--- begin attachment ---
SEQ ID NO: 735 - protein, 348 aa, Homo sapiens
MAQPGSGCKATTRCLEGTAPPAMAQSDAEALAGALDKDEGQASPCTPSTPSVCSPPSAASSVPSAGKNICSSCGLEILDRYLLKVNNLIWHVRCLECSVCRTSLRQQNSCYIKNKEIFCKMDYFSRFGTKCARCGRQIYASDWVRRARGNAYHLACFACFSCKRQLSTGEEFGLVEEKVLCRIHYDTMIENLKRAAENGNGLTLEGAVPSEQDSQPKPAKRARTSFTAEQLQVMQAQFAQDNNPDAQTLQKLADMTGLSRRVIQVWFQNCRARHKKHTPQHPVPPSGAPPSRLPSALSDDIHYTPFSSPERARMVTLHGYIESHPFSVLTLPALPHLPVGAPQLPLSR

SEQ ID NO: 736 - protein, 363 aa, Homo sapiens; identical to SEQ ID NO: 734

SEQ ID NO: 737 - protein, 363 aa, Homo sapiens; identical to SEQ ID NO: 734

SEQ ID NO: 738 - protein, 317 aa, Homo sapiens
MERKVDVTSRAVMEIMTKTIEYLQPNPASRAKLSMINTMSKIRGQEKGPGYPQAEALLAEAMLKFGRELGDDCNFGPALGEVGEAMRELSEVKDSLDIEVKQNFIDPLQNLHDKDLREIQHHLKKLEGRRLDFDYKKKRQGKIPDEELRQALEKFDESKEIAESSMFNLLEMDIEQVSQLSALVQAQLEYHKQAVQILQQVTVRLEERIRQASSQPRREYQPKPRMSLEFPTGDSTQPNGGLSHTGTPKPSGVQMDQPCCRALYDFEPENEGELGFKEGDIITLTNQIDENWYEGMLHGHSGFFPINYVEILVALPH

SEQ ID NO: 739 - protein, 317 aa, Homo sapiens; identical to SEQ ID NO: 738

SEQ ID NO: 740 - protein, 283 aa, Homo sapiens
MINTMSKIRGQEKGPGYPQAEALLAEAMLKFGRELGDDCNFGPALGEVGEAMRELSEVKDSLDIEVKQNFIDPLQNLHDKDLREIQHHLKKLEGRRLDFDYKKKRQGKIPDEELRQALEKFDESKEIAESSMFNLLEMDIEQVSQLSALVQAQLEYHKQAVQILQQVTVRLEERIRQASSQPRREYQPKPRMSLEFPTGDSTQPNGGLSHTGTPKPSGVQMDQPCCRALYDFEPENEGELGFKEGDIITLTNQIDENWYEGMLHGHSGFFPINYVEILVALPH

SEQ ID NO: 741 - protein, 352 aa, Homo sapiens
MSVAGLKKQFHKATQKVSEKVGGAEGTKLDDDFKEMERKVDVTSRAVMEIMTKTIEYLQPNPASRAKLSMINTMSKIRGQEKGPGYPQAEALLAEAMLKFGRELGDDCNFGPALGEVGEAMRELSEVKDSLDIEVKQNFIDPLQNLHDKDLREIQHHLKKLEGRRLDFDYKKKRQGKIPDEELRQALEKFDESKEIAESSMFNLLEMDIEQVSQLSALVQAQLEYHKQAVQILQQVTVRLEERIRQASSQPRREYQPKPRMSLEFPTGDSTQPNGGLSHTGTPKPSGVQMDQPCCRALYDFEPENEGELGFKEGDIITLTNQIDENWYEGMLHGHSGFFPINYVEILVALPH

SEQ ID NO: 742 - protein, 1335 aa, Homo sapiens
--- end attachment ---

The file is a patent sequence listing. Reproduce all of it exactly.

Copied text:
SEQ ID NO: 735 - protein, 348 aa, Homo sapiens
MAQPGSGCKATTRCLEGTAPPAMAQSDAEALAGALDKDEGQASPCTPSTPSVCSPPSAASSVPSAGKNICSSCGLEILDRYLLKVNNLIWHVRCLECSVCRTSLRQQNSCYIKNKEIFCKMDYFSRFGTKCARCGRQIYASDWVRRARGNAYHLACFACFSCKRQLSTGEEFGLVEEKVLCRIHYDTMIENLKRAAENGNGLTLEGAVPSEQDSQPKPAKRARTSFTAEQLQVMQAQFAQDNNPDAQTLQKLADMTGLSRRVIQVWFQNCRARHKKHTPQHPVPPSGAPPSRLPSALSDDIHYTPFSSPERARMVTLHGYIESHPFSVLTLPALPHLPVGAPQLPLSR

SEQ ID NO: 736 - protein, 363 aa, Homo sapiens; identical to SEQ ID NO: 734

SEQ ID NO: 737 - protein, 363 aa, Homo sapiens; identical to SEQ ID NO: 734

SEQ ID NO: 738 - protein, 317 aa, Homo sapiens
MERKVDVTSRAVMEIMTKTIEYLQPNPASRAKLSMINTMSKIRGQEKGPGYPQAEALLAEAMLKFGRELGDDCNFGPALGEVGEAMRELSEVKDSLDIEVKQNFIDPLQNLHDKDLREIQHHLKKLEGRRLDFDYKKKRQGKIPDEELRQALEKFDESKEIAESSMFNLLEMDIEQVSQLSALVQAQLEYHKQAVQILQQVTVRLEERIRQASSQPRREYQPKPRMSLEFPTGDSTQPNGGLSHTGTPKPSGVQMDQPCCRALYDFEPENEGELGFKEGDIITLTNQIDENWYEGMLHGHSGFFPINYVEILVALPH

SEQ ID NO: 739 - protein, 317 aa, Homo sapiens; identical to SEQ ID NO: 738

SEQ ID NO: 740 - protein, 283 aa, Homo sapiens
MINTMSKIRGQEKGPGYPQAEALLAEAMLKFGRELGDDCNFGPALGEVGEAMRELSEVKDSLDIEVKQNFIDPLQNLHDKDLREIQHHLKKLEGRRLDFDYKKKRQGKIPDEELRQALEKFDESKEIAESSMFNLLEMDIEQVSQLSALVQAQLEYHKQAVQILQQVTVRLEERIRQASSQPRREYQPKPRMSLEFPTGDSTQPNGGLSHTGTPKPSGVQMDQPCCRALYDFEPENEGELGFKEGDIITLTNQIDENWYEGMLHGHSGFFPINYVEILVALPH

SEQ ID NO: 741 - protein, 352 aa, Homo sapiens
MSVAGLKKQFHKATQKVSEKVGGAEGTKLDDDFKEMERKVDVTSRAVMEIMTKTIEYLQPNPASRAKLSMINTMSKIRGQEKGPGYPQAEALLAEAMLKFGRELGDDCNFGPALGEVGEAMRELSEVKDSLDIEVKQNFIDPLQNLHDKDLREIQHHLKKLEGRRLDFDYKKKRQGKIPDEELRQALEKFDESKEIAESSMFNLLEMDIEQVSQLSALVQAQLEYHKQAVQILQQVTVRLEERIRQASSQPRREYQPKPRMSLEFPTGDSTQPNGGLSHTGTPKPSGVQMDQPCCRALYDFEPENEGELGFKEGDIITLTNQIDENWYEGMLHGHSGFFPINYVEILVALPH

SEQ ID NO: 742 - protein, 1335 aa, Homo sapiens